Color Saturation: Getting It Right
For the best color in your images, learn to use these techniques and don’t overdo it
While black-and-white photography has enjoyed a rebirth of interest, color is still how the world appears and is mostly photographed. Yet colors you see and experience often don't quite translate to the picture you compose. We also sometimes want to interpret the world's colors in ways that better express how we felt about a subject.
The computer offers us solutions for dealing with that. You can make adjustments to give you better and more accurate color or color that more freely expresses your photo experience. However, colors also can come out of the computer garish and unattractive. Here are some ideas on adjustments for better color.
When colors aren't right, many photographers first go to Hue/Saturation (or similar adjustment tools) and start working the color. I think that's a mistake. Good color needs a good environment first, and that means setting the blacks, whites and midtones. Without a solid black somewhere in the photo, you won't get the most vibrant colors.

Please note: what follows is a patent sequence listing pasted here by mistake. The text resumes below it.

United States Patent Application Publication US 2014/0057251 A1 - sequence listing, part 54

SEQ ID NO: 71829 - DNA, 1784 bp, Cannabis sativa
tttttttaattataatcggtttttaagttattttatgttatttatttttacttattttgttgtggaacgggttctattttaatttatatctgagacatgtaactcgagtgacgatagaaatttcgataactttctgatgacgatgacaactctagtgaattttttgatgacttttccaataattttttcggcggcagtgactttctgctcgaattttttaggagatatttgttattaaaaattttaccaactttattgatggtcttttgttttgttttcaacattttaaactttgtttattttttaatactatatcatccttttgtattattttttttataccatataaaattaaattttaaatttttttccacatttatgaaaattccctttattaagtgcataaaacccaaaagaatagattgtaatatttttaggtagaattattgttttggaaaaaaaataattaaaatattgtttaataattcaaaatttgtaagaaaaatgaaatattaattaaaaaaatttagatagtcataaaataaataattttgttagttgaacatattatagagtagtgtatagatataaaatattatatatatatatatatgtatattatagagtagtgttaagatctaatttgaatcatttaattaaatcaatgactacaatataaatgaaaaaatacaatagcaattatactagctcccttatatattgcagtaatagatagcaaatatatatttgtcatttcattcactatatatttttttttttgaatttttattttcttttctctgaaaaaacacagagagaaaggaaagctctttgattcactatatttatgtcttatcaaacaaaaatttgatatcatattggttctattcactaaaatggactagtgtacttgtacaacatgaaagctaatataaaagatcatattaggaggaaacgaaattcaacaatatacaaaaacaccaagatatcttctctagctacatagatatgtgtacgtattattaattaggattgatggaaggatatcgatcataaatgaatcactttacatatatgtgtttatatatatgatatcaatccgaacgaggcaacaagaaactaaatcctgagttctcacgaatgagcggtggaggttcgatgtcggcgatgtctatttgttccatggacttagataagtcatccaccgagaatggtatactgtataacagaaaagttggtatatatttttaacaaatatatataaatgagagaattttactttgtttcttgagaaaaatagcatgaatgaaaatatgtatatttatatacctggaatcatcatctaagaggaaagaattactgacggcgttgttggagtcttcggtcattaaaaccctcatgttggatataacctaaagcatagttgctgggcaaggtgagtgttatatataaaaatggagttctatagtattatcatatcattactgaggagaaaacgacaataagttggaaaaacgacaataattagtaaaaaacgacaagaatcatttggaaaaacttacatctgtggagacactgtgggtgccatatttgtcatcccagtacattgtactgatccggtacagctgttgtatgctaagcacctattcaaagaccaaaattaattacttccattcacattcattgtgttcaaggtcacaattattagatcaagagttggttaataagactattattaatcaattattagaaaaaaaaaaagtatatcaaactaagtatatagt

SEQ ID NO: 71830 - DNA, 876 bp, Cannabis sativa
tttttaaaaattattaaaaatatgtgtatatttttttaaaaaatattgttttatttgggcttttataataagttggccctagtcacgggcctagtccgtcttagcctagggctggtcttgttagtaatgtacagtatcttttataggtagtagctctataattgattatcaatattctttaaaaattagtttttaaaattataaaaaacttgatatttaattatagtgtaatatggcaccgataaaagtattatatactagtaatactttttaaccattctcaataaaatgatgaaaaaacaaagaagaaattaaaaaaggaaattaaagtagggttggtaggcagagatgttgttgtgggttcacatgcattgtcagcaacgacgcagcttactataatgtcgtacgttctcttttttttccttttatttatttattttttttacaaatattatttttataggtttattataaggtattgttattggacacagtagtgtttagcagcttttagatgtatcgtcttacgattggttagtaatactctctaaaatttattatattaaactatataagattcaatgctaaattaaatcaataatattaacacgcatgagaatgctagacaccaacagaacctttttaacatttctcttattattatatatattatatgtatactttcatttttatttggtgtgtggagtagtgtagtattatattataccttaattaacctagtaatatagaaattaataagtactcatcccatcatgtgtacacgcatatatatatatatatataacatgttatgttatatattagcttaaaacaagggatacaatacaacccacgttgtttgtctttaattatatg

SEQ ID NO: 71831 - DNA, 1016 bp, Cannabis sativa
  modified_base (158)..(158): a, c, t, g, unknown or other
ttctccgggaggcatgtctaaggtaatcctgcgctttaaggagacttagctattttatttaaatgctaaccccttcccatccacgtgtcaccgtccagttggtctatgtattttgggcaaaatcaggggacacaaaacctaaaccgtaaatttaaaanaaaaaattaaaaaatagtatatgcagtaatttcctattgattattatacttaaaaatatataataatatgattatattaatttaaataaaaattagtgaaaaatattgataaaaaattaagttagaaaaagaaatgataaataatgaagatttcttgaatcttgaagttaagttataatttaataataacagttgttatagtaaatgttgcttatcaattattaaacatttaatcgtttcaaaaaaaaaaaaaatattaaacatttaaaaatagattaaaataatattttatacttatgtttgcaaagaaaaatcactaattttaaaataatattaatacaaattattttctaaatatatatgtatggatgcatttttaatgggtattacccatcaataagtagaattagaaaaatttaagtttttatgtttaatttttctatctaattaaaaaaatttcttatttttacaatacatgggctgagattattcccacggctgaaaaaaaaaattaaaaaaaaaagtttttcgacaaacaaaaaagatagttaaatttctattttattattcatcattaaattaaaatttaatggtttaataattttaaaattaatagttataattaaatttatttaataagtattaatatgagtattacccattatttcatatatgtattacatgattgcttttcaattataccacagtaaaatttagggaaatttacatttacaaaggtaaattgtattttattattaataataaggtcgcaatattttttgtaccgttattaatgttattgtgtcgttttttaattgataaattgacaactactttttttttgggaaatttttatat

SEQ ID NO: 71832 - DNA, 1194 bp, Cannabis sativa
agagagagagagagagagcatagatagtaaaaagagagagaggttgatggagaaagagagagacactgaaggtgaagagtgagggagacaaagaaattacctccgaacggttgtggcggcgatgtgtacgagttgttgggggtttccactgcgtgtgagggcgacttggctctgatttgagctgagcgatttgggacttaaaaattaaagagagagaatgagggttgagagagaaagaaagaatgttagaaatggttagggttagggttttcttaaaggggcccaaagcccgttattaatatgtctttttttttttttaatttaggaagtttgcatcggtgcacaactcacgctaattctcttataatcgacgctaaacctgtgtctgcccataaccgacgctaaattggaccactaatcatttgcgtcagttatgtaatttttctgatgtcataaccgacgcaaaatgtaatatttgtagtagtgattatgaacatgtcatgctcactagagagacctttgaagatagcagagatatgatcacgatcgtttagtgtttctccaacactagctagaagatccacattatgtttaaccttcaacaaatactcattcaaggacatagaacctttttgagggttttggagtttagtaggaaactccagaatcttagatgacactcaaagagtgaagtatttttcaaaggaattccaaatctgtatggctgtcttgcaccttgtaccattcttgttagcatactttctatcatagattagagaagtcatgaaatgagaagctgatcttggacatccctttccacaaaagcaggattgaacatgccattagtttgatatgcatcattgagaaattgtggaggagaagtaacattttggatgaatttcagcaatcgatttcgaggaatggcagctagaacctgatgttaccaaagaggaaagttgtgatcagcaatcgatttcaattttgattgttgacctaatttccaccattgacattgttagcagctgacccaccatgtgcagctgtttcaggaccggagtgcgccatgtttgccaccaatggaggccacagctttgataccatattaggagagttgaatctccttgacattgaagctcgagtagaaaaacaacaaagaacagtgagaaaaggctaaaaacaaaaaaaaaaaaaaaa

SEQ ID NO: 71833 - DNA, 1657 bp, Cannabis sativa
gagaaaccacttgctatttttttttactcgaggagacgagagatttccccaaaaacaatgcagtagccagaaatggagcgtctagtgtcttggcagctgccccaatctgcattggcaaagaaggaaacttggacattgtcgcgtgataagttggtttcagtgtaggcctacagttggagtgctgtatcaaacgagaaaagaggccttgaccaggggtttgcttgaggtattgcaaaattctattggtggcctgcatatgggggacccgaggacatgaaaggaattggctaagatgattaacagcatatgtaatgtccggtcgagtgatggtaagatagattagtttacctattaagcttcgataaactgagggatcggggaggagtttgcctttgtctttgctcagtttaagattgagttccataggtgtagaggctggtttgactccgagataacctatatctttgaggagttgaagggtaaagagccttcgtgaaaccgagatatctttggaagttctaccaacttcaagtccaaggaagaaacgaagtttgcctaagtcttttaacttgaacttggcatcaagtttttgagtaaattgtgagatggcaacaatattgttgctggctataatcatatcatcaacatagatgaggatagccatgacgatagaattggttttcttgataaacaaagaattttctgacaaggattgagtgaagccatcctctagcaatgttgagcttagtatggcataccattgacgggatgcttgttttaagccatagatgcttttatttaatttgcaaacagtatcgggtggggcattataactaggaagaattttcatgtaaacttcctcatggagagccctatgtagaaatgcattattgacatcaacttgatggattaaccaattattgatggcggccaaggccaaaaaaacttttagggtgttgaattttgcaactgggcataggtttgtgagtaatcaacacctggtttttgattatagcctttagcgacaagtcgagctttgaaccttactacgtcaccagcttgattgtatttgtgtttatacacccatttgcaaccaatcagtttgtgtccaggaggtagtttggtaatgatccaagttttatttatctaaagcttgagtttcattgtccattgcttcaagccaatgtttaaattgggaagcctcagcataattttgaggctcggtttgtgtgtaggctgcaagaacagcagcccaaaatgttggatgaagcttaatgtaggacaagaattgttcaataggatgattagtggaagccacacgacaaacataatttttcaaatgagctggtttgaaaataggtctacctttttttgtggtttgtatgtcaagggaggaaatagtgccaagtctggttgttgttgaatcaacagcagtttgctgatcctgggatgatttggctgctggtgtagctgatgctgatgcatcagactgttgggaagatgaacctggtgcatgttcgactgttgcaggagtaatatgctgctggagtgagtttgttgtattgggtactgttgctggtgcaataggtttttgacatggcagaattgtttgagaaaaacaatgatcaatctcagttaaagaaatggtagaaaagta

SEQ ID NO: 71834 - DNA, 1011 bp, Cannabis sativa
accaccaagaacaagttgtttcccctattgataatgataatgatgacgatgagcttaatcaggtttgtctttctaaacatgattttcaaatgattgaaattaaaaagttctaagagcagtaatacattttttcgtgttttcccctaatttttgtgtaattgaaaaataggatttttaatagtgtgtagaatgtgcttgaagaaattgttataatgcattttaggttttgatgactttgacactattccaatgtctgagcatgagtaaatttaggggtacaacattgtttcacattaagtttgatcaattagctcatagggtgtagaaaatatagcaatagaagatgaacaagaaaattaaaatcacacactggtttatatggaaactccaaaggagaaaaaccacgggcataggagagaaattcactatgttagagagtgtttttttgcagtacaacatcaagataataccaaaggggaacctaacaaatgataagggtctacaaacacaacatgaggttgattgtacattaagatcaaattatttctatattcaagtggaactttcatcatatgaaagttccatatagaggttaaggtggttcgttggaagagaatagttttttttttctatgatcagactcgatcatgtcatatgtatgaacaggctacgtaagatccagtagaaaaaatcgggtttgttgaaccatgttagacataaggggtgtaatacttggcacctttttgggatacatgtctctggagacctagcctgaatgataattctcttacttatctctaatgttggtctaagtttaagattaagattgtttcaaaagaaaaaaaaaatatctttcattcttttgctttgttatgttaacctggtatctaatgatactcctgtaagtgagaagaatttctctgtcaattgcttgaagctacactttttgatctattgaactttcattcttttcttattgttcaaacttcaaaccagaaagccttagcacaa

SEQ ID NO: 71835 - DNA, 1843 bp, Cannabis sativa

You can do the identical adjustments in Adobe Camera Raw and Photoshop Lightroom, too-black is affected by the Blacks slider and white by Exposure. Lightroom, however, overadjusts whites if you use just the Alt/Option key. I usually adjust to the Threshold point, then back it off until the photo looks right.
2. Use Curves to make the image lighter or darker overall (you can use the middle slider of Levels if you don't have Curves).
The problem is that Saturation is a heavy-handed tool. It saturates everything, even already-saturated colors, and it quickly can make a photo look unnatural. This is especially true if the control is used before blacks and whites are set.
For that reason, I use Saturation sparingly. I'll use it to boost weak overall colors, but never more than 10 to 12 points. Vibrance is a new control in Camera Raw and Lightroom that adds saturation differently. It increases saturation, but not equally for all colors, plus it does the change in a gentler way. If I'm working in Camera Raw and Lightroom, I nearly always use Vibrance and almost never use Saturation.